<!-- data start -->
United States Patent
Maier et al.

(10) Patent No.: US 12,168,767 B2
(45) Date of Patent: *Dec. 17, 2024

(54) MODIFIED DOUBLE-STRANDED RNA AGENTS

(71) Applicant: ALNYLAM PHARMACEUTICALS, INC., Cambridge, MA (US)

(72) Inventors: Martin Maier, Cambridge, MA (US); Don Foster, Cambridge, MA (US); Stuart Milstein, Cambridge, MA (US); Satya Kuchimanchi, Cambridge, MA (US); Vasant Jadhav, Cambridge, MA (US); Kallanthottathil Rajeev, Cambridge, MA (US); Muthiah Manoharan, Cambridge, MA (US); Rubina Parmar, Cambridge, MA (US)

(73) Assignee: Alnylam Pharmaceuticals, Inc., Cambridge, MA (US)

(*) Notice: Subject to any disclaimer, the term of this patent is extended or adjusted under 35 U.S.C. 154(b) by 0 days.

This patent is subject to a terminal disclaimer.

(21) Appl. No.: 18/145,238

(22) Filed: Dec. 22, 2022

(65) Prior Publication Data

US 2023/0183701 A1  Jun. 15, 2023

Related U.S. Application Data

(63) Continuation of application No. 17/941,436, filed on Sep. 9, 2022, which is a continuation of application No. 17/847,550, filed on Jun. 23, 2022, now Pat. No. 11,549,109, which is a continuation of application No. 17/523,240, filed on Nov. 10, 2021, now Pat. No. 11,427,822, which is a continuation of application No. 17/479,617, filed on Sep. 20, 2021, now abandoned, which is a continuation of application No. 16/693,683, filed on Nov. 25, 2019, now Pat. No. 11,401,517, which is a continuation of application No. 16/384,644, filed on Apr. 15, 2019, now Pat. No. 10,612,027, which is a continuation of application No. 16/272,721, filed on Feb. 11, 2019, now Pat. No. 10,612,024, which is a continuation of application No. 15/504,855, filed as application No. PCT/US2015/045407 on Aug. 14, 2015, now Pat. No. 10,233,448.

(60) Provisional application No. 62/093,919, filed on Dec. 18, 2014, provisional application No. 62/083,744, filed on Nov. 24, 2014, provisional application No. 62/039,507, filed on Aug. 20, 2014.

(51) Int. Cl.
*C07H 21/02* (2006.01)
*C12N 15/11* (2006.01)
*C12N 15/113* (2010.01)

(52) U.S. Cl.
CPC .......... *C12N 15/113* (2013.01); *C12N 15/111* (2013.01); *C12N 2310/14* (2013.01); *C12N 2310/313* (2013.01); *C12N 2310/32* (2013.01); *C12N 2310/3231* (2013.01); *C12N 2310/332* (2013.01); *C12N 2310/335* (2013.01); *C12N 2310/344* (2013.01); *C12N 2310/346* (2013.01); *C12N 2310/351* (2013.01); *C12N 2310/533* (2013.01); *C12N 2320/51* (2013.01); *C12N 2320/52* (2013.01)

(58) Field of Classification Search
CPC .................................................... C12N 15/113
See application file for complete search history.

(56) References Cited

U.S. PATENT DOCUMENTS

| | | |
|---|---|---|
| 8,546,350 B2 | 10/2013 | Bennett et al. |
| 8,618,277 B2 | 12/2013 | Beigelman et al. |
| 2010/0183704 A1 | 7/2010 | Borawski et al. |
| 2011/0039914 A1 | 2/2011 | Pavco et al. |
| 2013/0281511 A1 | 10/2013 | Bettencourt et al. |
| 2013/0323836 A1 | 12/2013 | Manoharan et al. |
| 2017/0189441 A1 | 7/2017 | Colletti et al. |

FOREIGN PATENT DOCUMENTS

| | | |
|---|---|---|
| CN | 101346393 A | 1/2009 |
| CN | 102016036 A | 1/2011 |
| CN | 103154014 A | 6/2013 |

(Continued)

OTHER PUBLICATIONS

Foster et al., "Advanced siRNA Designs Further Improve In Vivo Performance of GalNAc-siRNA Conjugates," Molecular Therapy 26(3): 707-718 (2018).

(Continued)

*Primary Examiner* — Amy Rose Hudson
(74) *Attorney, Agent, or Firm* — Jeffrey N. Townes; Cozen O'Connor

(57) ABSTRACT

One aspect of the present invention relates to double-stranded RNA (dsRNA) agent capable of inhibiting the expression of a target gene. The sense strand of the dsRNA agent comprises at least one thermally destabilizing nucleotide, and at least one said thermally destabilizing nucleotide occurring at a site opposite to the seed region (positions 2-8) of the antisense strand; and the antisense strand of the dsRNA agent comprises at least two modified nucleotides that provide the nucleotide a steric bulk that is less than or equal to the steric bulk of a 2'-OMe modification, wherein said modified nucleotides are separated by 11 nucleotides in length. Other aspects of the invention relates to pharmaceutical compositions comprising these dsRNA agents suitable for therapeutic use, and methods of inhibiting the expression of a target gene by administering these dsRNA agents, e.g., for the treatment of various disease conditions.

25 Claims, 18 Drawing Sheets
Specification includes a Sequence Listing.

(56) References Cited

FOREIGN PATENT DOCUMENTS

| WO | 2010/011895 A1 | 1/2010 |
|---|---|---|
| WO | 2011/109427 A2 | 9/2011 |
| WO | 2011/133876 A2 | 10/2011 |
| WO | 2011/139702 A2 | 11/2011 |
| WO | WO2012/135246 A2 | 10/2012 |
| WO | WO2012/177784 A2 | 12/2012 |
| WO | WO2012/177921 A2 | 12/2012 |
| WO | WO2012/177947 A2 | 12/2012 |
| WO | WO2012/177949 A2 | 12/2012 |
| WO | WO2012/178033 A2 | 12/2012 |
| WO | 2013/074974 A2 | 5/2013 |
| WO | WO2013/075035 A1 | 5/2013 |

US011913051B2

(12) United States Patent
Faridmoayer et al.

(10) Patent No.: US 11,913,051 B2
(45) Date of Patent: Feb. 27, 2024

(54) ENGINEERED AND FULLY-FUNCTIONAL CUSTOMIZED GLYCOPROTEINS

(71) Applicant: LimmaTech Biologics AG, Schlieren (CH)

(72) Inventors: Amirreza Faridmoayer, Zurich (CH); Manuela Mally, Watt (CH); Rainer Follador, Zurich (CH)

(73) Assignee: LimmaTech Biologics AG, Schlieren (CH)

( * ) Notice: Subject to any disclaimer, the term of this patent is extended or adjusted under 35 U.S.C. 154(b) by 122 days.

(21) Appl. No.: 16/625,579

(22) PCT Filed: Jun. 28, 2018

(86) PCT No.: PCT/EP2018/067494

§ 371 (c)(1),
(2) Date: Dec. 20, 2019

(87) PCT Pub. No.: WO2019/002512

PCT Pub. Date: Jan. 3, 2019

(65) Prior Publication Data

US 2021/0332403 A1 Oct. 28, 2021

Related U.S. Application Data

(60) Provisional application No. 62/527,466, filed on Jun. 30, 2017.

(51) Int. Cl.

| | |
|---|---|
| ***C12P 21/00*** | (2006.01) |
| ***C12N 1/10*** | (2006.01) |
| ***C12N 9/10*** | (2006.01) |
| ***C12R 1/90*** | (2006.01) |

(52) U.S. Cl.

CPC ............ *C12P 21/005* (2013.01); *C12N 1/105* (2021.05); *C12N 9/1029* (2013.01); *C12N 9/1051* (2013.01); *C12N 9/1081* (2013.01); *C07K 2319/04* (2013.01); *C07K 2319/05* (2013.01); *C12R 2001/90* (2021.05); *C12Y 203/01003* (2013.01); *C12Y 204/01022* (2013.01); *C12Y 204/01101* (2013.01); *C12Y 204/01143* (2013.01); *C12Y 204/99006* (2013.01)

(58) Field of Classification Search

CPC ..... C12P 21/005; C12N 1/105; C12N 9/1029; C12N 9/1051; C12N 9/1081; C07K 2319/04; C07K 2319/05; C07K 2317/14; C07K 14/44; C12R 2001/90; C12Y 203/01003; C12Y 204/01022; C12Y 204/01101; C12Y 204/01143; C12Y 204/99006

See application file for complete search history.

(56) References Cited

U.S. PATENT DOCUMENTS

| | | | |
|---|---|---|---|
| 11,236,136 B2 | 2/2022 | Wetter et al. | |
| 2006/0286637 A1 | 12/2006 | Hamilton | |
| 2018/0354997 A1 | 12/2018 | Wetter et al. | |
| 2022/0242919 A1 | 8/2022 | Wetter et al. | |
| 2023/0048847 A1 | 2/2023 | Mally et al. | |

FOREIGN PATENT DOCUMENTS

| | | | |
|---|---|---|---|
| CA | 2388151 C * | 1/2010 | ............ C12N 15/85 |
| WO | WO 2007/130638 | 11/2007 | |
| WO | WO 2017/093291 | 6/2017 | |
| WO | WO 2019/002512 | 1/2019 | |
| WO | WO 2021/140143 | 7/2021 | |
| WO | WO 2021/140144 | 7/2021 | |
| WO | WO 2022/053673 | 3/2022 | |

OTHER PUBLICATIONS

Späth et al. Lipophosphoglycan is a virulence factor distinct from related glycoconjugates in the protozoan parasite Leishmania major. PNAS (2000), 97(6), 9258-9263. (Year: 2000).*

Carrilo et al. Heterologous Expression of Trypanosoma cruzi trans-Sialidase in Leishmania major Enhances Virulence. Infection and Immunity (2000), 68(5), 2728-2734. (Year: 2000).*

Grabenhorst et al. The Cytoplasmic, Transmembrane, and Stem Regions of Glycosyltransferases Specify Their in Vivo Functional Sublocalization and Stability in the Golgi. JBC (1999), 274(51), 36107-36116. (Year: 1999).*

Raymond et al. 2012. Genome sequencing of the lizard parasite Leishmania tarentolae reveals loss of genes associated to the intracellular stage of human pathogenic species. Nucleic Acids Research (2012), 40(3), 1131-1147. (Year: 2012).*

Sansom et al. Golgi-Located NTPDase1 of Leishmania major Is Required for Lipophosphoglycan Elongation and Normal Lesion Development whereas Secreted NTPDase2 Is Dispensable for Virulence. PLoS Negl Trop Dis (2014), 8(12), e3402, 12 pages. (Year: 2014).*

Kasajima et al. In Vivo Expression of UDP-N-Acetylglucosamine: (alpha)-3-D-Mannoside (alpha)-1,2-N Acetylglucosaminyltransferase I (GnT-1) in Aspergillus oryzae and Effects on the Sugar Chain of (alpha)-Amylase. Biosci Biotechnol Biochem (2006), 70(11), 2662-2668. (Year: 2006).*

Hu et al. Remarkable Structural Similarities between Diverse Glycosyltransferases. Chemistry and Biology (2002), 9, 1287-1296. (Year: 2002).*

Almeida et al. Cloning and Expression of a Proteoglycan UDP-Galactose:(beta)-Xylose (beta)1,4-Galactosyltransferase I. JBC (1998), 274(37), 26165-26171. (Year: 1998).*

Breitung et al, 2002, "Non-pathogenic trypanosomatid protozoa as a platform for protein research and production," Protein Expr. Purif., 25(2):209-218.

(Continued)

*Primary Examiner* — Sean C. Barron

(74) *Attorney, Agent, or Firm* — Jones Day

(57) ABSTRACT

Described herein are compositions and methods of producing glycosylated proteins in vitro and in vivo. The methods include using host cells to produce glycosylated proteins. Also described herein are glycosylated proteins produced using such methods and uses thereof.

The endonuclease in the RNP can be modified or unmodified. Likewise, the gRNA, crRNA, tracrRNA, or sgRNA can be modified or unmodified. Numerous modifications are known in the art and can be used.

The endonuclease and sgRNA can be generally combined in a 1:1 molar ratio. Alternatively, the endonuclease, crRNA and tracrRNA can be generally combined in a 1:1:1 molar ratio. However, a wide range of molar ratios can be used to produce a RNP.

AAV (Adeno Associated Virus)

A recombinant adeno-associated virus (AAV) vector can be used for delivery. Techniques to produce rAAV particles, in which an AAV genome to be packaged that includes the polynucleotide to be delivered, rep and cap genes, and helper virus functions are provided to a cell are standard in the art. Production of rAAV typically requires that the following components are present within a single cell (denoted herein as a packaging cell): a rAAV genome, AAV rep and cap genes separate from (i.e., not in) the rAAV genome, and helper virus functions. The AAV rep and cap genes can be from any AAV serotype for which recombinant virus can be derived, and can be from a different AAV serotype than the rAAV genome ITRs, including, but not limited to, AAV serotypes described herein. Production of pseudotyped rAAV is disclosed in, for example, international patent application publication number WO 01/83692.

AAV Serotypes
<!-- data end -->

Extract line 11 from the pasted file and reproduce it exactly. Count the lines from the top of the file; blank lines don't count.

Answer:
(21) Appl. No.: 18/145,238